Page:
not.
Sophie was the poster girl for all the people who lived in the middle of the spectrum. She didn’t mind. Scoring a celebrity for a husband wasn’t part of her agenda. Neither was scoring a husband at all, actually. She enjoyed her life and was content with what she had.

But Lorraine sure got a kick out of beating her down as much as possible. Sophie had a feeling that Lorraine’s self-esteem was terribly low beneath her arrogant façade. It was the only reason for all the pancake makeup her cousin wore and her plastic surgery, too. How much liposuction had she had now? She’d had two nose jobs by the time she was twenty-five. And Sophie didn’t even want to think about the Botox and the collagen injections.

With another sigh, Sophie folded her arms and waited for the show to start. She wasn’t going to say anything to Lorraine, because all she’d end up hearing was a never-ending stream of insults, but she was secretly ecstatic that she would be able to see Zane Blake so close up. The man was a creative genius, in her opinion. While the band members helped compile the lyrics, Zane wrote all of the music himself. It was beautiful, and something about it called to Sophie’s soul, almost like she could feel his emotions in the notes of his songs. She looked forward to seeing the man play them live.

 

* * * *

 

Was it bad to play all of your songs like you were on autopilot? Probably. Zane wondered if everyone in the audience could tell how out of it he felt. He glanced out over them while his fingers flew across the keys he loved, the keys that had brought him his dreams, his fame, everything he’d ever wanted in life.

The crowd moved like the sea, stabbing their arms into the air in time with the beat of the song, screaming and shouting like they always did. He must have looked fine.

What was he thinking? Of course he looked fine. He had done this so many times over the course of the last several years that he could do it in his sleep. His band mates could wheel him out in a coma and prop him up against something and he’d still be able to play the songs. The music he’d written had become ingrained in his DNA. Maybe that was the problem. Maybe everything had become so second nature to him that he had nothing to inspire him anymore. Maybe he really had let the life consume him to the point where it was just his occupation. If that was the case, how in the world did he get his passion back?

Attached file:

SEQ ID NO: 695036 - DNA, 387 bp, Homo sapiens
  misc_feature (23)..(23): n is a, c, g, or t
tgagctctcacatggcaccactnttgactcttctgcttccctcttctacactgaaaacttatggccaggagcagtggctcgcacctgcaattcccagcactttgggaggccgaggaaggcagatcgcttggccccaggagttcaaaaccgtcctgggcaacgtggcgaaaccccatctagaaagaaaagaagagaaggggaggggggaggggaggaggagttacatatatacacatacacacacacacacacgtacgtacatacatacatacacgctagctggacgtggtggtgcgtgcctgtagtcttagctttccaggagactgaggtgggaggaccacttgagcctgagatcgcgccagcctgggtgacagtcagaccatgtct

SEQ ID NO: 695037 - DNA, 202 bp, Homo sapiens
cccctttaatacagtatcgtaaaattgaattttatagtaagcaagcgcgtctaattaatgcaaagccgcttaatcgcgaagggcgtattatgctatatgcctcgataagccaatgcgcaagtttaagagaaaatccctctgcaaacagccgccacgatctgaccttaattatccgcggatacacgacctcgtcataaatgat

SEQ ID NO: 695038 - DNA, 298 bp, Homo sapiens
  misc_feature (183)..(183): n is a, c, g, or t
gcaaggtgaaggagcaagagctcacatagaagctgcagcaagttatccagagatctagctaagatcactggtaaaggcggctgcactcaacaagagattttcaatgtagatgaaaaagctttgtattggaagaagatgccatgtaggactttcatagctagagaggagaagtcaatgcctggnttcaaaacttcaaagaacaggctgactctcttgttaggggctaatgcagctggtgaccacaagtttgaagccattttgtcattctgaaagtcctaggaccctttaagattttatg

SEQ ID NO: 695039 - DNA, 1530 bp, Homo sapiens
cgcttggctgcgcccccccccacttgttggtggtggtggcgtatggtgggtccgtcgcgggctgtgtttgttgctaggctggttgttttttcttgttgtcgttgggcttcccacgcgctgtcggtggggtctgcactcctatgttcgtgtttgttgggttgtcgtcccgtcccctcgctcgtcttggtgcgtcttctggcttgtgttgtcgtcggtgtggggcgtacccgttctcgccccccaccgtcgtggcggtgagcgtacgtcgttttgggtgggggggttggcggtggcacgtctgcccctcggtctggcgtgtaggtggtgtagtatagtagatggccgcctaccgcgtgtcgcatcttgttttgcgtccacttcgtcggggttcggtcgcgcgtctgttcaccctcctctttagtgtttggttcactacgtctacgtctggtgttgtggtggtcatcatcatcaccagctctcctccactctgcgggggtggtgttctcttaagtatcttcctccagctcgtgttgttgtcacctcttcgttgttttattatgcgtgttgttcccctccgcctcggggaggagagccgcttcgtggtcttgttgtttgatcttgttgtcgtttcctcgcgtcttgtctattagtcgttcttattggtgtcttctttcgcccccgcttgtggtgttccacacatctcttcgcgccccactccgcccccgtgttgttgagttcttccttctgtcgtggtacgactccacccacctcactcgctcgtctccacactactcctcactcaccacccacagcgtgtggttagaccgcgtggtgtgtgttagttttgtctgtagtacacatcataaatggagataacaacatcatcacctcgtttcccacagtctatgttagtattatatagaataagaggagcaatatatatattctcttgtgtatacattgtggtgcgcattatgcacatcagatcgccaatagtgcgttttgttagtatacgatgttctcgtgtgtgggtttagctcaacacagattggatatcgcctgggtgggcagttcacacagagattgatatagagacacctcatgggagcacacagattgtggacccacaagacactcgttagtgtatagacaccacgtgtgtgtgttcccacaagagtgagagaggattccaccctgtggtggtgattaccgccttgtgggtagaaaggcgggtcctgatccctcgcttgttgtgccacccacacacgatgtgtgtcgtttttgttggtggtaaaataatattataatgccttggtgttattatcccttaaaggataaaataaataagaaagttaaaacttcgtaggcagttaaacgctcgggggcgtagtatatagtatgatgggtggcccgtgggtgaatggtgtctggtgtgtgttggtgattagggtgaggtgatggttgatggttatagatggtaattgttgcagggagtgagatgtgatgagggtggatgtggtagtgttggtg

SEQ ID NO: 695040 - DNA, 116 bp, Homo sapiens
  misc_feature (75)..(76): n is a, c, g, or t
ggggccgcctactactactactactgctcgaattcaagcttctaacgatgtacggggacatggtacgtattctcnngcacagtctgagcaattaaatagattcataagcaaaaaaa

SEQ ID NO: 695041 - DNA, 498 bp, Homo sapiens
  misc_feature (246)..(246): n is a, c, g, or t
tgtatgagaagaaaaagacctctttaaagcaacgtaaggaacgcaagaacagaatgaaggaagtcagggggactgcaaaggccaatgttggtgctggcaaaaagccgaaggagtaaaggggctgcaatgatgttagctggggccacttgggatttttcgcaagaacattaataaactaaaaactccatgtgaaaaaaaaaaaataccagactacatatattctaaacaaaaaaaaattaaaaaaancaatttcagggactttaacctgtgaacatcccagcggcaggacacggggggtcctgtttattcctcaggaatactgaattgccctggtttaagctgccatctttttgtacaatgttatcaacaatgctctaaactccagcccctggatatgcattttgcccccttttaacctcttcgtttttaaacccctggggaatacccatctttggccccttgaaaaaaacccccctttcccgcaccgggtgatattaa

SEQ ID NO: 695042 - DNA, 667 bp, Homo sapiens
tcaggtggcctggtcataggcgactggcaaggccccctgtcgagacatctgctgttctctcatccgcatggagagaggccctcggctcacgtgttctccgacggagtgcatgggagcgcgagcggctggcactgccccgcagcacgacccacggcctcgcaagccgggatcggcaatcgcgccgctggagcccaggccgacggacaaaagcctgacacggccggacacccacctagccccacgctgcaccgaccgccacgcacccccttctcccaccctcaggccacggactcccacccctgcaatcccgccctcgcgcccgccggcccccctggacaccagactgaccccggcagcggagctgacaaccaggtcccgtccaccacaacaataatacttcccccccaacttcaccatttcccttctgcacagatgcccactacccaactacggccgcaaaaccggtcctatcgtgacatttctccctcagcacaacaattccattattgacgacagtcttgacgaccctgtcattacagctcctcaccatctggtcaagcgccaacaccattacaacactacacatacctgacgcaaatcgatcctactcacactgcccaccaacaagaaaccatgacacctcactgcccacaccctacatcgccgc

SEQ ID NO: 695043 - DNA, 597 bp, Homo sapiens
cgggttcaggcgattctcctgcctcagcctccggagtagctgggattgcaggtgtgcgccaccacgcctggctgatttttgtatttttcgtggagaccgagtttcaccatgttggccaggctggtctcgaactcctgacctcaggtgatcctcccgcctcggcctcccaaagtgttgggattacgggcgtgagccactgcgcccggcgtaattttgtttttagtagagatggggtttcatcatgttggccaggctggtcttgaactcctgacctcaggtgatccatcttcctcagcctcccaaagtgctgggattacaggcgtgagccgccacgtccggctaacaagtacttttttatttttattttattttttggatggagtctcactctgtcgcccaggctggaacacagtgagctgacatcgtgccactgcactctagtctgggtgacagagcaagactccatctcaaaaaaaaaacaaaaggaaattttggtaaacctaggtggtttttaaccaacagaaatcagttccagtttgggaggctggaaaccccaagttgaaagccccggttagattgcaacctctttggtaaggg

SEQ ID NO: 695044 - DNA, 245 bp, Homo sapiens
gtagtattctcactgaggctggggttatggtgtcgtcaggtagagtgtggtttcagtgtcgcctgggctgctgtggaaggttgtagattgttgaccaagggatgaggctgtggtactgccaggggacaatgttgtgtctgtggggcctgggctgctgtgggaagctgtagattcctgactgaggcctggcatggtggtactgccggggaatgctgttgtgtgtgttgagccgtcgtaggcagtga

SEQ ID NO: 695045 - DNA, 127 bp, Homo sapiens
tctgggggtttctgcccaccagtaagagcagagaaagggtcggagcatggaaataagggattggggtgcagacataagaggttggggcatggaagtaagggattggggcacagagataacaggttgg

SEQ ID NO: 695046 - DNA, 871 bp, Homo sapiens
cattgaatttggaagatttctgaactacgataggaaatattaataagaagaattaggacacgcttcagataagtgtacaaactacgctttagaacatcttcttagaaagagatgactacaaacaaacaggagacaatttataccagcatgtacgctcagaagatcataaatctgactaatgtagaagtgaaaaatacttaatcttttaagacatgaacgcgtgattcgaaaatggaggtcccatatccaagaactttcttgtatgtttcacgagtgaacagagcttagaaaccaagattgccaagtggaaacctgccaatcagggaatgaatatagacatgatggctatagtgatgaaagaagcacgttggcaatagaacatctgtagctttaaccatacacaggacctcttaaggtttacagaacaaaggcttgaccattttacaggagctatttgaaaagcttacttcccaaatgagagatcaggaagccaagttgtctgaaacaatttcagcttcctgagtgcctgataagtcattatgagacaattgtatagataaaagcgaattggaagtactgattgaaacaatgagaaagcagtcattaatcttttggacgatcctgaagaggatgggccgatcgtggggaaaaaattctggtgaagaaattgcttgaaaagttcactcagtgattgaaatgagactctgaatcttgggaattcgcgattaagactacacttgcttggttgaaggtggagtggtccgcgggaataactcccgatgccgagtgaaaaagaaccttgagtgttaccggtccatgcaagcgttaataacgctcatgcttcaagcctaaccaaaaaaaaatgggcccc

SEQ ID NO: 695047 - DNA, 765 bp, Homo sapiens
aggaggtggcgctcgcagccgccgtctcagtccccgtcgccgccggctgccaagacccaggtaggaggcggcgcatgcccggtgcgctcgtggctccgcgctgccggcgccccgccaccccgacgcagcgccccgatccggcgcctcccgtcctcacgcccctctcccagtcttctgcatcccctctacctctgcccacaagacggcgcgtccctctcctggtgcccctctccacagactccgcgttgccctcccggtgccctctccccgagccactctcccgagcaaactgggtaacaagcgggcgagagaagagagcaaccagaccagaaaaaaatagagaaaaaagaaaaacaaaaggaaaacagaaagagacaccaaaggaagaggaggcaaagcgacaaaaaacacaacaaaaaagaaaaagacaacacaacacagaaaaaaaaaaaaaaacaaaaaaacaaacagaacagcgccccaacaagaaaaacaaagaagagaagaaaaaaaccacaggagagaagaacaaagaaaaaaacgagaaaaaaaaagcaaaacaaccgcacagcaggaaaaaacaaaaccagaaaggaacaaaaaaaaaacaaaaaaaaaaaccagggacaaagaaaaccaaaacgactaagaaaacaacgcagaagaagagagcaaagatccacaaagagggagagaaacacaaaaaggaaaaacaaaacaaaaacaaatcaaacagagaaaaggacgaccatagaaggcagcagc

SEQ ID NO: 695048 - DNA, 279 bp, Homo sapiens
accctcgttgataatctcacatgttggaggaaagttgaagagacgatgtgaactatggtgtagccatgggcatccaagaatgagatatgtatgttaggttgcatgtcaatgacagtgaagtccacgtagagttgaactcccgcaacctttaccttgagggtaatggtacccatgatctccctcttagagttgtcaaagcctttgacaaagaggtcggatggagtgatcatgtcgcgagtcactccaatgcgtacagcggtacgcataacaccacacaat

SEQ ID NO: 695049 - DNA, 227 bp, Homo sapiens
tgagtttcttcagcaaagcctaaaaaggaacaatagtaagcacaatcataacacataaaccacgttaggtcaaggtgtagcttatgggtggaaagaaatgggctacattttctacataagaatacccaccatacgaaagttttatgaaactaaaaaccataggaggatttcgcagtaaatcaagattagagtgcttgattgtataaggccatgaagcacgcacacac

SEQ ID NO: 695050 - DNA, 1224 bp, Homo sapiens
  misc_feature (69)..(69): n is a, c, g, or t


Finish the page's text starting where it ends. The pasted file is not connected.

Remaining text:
“The music inside of me is dead.”

“Dead?” their singer, Rhonda, questioned. “Dead as in…dead?”

He huffed and looked up into her dark eyes. “Dead as in I can’t write anything,” he stated. “It’s gone. All the music in my head, the lyrics, everything. I can’t feel anything. I can’t create anything.”

“Dude, you’re telling us this now?” their guitar player, Matt, threw in. “We’re going on stage in five minutes! I mean, no disrespect or anything, but can’t we discuss this later?”

“Zane, what is it?” Rhonda prodded, kneeling down in front of him so she could look into his eyes. “What’s going on with you? You haven’t been yourself lately. We’ve all noticed it. You’ve been quiet and distant.”

“We’re supposed to record the new album after this tour ends,” Matt said. “Are you trying to tell us that you don’t even have any songs?”

“No, I have no songs,” Zane grumbled, shooting him an annoyed expression. “What part of ‘the music inside of me is dead’ did you not comprehend?”

That was the conversation he’d had with his band mates right before the show. He didn’t mean to take his frustration out on his friends. He just didn’t know what was wrong with him. He felt bereft and confused, not understanding why his inspiration had left him. For his entire life, he’d heard and felt music within him. Now, suddenly, he heard nothing. He felt nothing. Just emptiness. And the emptiness hurt.

How could the music that made up his entire soul suddenly vanish? It made no sense. If it was writer’s block, it was the writer’s block from hell.

He focused on the cluster of girls in front of the stage where he stood. There was a pair of black-haired twins rocking out harder than probably every other person in the room. He grinned, and his gaze wandered to the frightening blonde woman next to them who kept screaming his name and reaching her arms over the barrier. She hollered extra loud when she saw his eyes scan the crowd, and he suppressed a cringe.

He began to look back at his keyboard, but he did a double take when a sandy-haired woman shoved the blonde out of the way and gave her a scowl that should’ve killed her. For some reason, his heart tripped over itself and made his fingers falter. He played about three notes completely wrong before he looked back down at his hand and remembered where he was in the song.

Kate, their bass player, moved over to stand next to him; she shot him a concerned, questioning look as she played. He met her gaze and shook his head, making a goofy face that caused her to smile. Obviously convinced he was all right and had only made a silly blunder, she bounded over to the other side of the stage.

Zane raised his eyes to the sandy-haired woman, and his heart, once again, cartwheeled in his chest. He had no idea why. By all rights, she really shouldn’t have caught his attention. She didn’t stand out like some of the others. And she wasn’t head banging or flailing limbs. Once in a while, she’d put her hand up in the rock on sign, but mostly she just stood there bobbing her head to the beat.

For two songs, he kept his gaze on her, trying to figure out why his heart leapt to life at the sight of her and the hazy, muffled shroud he’d been living his life behind for the past few months lifted. In those moments, everything became pristine and crystal clear. He didn’t only play his music, he
felt
it again.